Part of the problem with the word solipsism is that from a philosophical perspective a debate rages as to whether there exists a rigorous enough definition of the word for it to have any concrete meaning. If philosophers can’t agree on a definition, how can I be expected to keep on top of it? On the other hand, to a true solipsist wouldn’t the ultimate meaning of the word be theirs and theirs alone? How many solipsists does it take to screw in a light bulb? One, because who else is there to do it?

What am I talking about and why does it matter, you’re probably asking at this point. So what if there’s a word you don’t remember? There are plenty others to choose from, hundreds maybe even thousands. If only philosophers understand the word solipsism, what use is it in the real world anyway?

True enough and not to toot my own horn here and insinuate that I am the bookish type immersed in highfalutin texts but I do come across the word fairly regularly. Why just the other day I saw it used 3 times by Lewis Lapham in a Harper’s editorial from last May. (You may ask why I was reading a Harper’s magazine from last year just the other day. As a magazine subscriber, I always keep a distance of a year or so from the most current issue in order to see if what’s being written has been proven to be bullshit. If so, I then stop reading anything further that the writer has written.)

To hear Lewis Lapham use solipsism is to get the sense that it is a derogatory word. Being solipsistic in Lewis Lapham’s view is a bad thing. Militant anti-smokers represent the height of solipsism to a long time smoker like Lewis Lapham because they only see the world through their eyes, opinions and sensibilities.

The word itself drips derision. Solipsistic. Sloppy. Slurry. A staggering, incomprehensible drunk. You.. stupid, fucking solipsist, you. Onomatopoeic almost.

Yet I think the word might’ve come from a more positive place. In a pre-Socratic world of oracles, seers and divination through animal entrails, to believe that only your existence was real because everything else around you was ultimately suspect due to your perception of it through fallible human senses was to reject given orthodoxy. You were questioning societal hierarchy, authority and even the gods. It paved the way to René Descartes and his ‘I Think Therefore I Am’; one of the cornerstones of modern philosophy and scientific methodology. Solipsism once did battle with the darkness of superstition.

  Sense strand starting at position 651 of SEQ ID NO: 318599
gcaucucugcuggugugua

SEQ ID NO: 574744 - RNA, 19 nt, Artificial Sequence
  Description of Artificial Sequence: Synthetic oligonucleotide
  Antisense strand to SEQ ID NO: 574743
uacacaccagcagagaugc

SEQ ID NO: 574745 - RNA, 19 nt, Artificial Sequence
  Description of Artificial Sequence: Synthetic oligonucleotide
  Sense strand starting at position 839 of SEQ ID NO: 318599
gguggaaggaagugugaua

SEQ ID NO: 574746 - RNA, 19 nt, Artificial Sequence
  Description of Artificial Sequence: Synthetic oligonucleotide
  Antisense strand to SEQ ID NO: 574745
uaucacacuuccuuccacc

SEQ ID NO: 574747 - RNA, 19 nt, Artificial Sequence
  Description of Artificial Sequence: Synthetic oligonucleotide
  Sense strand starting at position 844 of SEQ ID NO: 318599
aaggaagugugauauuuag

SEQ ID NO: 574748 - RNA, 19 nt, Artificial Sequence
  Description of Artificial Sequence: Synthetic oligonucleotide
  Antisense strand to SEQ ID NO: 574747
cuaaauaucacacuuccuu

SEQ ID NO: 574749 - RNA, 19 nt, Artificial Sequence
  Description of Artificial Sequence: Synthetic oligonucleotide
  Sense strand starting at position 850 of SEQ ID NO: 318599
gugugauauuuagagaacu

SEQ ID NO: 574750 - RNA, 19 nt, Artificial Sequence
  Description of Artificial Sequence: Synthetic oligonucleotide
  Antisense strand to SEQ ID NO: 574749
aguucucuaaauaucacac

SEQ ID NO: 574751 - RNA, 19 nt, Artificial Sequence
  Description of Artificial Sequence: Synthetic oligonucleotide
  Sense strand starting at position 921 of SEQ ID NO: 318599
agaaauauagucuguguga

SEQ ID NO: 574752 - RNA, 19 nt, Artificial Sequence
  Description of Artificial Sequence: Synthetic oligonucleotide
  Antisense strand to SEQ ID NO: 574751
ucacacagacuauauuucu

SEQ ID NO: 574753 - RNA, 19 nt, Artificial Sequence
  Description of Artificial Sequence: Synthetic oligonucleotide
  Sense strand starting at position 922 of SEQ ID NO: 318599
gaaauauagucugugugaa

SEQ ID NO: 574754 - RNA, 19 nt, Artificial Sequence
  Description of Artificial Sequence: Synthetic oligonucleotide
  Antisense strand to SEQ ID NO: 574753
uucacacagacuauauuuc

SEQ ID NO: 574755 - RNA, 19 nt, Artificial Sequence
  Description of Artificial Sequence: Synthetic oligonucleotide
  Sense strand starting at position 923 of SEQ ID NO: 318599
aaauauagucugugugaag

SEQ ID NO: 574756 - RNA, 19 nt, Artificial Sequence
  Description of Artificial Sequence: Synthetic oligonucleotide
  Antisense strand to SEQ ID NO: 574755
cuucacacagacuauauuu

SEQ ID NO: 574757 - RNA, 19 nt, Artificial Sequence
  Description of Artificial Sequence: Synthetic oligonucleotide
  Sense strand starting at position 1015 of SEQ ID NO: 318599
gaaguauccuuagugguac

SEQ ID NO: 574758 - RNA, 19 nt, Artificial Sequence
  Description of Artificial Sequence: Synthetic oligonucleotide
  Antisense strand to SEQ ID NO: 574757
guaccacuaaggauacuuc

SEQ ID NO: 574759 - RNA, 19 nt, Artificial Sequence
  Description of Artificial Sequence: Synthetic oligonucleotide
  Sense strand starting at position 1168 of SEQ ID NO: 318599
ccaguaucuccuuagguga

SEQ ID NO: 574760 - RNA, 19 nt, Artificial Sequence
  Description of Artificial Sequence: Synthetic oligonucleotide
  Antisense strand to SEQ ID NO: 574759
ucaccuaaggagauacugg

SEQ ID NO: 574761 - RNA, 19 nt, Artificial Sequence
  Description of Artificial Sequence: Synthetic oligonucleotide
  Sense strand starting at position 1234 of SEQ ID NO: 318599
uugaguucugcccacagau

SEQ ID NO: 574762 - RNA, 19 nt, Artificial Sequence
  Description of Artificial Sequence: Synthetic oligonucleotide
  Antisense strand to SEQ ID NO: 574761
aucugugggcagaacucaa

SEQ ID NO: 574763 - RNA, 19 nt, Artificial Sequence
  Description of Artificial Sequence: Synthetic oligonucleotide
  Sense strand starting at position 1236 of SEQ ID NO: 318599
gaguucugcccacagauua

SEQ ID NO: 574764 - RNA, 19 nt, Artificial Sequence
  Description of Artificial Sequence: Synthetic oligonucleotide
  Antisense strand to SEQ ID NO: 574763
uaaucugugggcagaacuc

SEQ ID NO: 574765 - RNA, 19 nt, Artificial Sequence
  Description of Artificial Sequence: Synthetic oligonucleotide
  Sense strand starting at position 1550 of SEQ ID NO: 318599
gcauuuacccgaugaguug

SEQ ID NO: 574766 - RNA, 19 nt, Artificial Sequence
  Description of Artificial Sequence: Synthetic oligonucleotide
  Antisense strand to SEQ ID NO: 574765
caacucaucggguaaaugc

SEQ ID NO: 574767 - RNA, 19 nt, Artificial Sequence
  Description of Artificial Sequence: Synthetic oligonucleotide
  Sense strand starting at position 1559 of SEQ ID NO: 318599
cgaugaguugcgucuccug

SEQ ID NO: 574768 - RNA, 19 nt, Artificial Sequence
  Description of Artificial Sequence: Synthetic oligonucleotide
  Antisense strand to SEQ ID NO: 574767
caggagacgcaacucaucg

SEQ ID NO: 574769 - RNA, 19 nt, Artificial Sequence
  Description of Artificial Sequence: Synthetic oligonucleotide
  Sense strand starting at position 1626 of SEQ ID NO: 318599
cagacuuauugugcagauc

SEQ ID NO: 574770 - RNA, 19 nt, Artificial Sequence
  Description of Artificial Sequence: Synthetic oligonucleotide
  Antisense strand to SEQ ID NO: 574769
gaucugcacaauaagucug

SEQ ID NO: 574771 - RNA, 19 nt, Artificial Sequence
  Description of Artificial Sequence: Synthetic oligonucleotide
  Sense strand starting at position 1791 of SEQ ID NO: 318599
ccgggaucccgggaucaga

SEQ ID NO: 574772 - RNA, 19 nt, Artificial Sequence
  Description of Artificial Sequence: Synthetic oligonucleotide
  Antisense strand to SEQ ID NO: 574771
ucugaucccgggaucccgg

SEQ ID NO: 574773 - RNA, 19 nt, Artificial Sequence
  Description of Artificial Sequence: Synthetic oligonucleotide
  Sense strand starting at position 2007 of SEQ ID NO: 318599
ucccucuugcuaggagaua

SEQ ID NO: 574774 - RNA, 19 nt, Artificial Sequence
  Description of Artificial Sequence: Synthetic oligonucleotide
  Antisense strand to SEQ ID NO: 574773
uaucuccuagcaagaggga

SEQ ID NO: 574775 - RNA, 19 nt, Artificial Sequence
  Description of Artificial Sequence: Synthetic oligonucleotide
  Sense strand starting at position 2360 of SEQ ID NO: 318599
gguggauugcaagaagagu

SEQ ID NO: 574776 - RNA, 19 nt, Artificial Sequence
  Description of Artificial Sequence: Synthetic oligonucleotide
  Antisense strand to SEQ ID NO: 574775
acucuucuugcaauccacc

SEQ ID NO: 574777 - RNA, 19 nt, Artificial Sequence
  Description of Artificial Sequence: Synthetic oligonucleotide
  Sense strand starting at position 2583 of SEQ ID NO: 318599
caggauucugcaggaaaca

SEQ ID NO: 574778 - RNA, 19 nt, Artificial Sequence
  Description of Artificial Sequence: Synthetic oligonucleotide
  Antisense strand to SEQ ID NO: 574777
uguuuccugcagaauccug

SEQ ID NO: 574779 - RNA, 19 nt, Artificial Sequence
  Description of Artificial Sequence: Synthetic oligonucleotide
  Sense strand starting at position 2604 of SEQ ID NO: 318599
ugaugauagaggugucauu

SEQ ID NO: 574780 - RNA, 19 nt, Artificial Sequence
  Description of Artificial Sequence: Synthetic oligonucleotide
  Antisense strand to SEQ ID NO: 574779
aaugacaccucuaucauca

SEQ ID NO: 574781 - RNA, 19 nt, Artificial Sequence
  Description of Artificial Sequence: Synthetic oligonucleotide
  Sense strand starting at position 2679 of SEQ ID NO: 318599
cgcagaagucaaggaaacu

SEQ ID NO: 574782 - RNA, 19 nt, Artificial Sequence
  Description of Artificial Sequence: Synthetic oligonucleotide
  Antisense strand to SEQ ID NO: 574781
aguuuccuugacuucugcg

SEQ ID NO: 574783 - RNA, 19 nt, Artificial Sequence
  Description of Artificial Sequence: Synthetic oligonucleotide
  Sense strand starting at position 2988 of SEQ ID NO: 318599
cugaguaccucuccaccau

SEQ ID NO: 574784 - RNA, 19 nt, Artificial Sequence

That modern science has proven one aspect of solipsistic theory correct – our 5 senses are undoubtedly fallible – is only a minor irony of the word’s usage today. As Lou Reed sang (channeling Benjamin Franklin), don`t believe half of what you see/And none of what you hear. Trusting our instincts, ‘gut’ or screaming front page headlines may be the surest way to get things wrong. But to believe nothing is real aside from our own existence is, well, a little shortsighted and self-absorbed. It displays an inhuman lack of empathy.

The major irony of solipsism’s fate is that its ranks have been filled with those who believe in all sorts of extraordinary things outside of their own being. The inerrant word of an all-seeing, all knowing, ineffable God. Adam Smith’s perfectly tuned invisible hand of the free market and its corresponding faith in a laissez-faire, trickle down, government bad, business good economic system. (See? We got to politics eventually.) Those with an unshakeable conviction that Avatar is the greatest movie ever.

Solipsism is now the exclusive realm of the worst kind of solipsists and the only good news about it is that I may finally have a firm grasp of what the word really means.

In our next installment of Word of the Day: epistemological.

pretentiously submitted by Urban Sophisticat